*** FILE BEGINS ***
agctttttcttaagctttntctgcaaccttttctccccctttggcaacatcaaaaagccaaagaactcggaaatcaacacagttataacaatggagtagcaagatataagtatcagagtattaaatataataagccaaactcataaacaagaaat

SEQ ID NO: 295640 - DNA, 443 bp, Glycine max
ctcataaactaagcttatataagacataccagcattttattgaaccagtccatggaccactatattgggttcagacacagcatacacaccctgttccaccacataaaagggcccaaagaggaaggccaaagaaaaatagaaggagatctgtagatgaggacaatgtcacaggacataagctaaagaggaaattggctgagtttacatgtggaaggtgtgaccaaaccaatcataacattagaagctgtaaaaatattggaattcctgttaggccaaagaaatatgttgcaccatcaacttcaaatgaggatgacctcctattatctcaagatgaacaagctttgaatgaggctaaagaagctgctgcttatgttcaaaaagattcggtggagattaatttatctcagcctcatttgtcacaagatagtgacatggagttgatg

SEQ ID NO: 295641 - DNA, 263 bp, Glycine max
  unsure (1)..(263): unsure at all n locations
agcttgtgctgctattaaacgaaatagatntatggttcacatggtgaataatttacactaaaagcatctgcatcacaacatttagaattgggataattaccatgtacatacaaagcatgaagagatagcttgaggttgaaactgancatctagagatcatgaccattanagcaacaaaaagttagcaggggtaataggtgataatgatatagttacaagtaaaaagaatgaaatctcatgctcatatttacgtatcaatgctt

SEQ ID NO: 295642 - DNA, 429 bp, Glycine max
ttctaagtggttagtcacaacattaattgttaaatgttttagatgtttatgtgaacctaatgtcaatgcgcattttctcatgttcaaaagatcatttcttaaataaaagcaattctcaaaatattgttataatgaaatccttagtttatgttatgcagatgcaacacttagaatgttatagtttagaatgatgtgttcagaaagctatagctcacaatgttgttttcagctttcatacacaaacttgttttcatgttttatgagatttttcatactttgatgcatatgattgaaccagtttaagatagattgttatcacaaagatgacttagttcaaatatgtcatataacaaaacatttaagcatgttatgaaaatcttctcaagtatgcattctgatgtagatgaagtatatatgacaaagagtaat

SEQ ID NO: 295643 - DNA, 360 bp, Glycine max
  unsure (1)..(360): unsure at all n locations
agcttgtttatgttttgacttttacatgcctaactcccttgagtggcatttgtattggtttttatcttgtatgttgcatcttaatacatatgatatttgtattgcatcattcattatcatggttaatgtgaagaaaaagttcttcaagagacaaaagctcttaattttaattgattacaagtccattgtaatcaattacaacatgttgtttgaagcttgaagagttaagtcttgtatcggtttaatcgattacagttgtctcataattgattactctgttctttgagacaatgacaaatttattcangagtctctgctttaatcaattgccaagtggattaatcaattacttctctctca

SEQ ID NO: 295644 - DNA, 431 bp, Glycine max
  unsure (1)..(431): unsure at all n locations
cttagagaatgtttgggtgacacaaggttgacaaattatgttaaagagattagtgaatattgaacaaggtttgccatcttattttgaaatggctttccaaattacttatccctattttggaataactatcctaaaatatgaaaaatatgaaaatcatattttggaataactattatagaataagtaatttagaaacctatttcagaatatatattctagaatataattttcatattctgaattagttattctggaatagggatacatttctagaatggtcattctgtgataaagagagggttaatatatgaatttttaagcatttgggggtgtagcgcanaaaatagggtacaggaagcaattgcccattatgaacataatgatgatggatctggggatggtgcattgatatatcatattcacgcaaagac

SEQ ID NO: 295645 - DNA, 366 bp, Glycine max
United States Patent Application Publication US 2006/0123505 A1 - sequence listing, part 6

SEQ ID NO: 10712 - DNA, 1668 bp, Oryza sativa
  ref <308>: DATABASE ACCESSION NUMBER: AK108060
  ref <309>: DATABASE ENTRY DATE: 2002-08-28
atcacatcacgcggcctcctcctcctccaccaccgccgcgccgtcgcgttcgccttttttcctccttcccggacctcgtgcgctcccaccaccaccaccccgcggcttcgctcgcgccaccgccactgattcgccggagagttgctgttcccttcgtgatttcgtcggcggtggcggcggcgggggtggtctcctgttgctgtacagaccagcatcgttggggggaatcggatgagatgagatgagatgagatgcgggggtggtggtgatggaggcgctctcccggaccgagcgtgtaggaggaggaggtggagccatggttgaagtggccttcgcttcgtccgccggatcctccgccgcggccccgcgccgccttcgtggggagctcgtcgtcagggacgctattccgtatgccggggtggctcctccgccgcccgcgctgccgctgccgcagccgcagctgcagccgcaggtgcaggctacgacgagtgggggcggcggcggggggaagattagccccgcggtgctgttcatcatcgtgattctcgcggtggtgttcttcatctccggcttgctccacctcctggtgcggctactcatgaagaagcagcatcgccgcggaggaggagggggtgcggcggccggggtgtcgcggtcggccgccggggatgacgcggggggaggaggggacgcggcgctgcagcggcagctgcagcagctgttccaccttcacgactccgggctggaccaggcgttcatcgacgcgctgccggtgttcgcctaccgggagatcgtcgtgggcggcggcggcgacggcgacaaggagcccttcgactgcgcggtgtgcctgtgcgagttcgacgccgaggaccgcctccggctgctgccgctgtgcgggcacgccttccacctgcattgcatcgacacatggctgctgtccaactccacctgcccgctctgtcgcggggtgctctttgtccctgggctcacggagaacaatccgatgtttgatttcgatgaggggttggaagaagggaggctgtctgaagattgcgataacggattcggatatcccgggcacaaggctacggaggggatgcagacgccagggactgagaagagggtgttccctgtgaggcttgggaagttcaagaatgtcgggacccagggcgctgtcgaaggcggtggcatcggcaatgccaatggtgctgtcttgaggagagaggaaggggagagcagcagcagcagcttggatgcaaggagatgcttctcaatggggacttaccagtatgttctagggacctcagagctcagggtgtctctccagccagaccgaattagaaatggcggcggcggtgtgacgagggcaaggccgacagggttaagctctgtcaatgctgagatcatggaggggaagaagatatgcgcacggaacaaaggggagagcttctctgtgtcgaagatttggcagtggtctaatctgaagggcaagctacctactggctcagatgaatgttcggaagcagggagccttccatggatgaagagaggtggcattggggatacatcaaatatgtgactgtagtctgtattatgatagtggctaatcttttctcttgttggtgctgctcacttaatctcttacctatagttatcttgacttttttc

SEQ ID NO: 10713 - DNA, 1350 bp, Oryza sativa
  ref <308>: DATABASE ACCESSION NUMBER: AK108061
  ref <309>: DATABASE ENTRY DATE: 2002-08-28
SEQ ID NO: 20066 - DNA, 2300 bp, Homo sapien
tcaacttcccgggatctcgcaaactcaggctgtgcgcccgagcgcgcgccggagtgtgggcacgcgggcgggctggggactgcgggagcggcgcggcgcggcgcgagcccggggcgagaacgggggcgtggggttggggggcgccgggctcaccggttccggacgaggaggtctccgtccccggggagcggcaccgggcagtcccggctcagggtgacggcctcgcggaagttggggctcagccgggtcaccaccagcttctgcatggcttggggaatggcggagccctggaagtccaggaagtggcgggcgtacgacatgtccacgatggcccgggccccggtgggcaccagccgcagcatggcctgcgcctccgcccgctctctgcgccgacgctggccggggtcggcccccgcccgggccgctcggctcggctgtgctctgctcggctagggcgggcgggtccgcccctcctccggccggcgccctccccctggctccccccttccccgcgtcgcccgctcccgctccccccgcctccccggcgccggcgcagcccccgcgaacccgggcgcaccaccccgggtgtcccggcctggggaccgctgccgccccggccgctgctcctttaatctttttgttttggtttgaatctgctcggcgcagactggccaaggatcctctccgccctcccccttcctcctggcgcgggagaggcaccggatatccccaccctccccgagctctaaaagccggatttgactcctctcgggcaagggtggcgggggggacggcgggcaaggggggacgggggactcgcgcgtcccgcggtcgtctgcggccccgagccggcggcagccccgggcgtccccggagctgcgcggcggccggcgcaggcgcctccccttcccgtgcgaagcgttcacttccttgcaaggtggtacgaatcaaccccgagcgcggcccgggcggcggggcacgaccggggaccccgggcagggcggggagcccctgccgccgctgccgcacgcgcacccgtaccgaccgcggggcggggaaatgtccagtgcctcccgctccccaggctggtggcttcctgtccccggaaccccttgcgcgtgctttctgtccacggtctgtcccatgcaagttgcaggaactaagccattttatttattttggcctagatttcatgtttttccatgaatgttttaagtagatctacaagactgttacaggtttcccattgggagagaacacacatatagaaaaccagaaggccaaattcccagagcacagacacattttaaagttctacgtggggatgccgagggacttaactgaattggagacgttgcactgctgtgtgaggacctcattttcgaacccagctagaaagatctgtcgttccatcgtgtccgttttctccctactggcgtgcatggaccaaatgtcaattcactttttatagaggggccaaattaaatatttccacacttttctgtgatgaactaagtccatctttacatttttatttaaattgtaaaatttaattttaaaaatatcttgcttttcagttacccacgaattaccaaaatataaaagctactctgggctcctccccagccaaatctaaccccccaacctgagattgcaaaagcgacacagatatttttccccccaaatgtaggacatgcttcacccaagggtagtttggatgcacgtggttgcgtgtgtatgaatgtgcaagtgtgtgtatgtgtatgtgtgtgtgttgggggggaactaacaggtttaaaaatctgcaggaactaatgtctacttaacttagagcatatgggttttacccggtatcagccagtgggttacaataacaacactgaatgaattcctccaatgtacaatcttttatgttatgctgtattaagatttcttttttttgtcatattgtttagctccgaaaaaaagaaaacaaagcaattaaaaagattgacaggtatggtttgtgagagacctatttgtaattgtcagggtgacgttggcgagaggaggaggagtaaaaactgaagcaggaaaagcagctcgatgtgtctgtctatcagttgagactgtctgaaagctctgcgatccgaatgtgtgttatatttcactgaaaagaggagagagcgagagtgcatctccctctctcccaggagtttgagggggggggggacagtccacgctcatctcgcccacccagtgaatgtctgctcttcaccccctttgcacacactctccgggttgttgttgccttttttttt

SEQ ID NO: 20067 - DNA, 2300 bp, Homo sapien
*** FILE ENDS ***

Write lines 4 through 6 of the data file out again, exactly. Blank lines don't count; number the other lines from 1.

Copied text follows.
SEQ ID NO: 295641 - DNA, 263 bp, Glycine max
  unsure (1)..(263): unsure at all n locations
agcttgtgctgctattaaacgaaatagatntatggttcacatggtgaataatttacactaaaagcatctgcatcacaacatttagaattgggataattaccatgtacatacaaagcatgaagagatagcttgaggttgaaactgancatctagagatcatgaccattanagcaacaaaaagttagcaggggtaataggtgataatgatatagttacaagtaaaaagaatgaaatctcatgctcatatttacgtatcaatgctt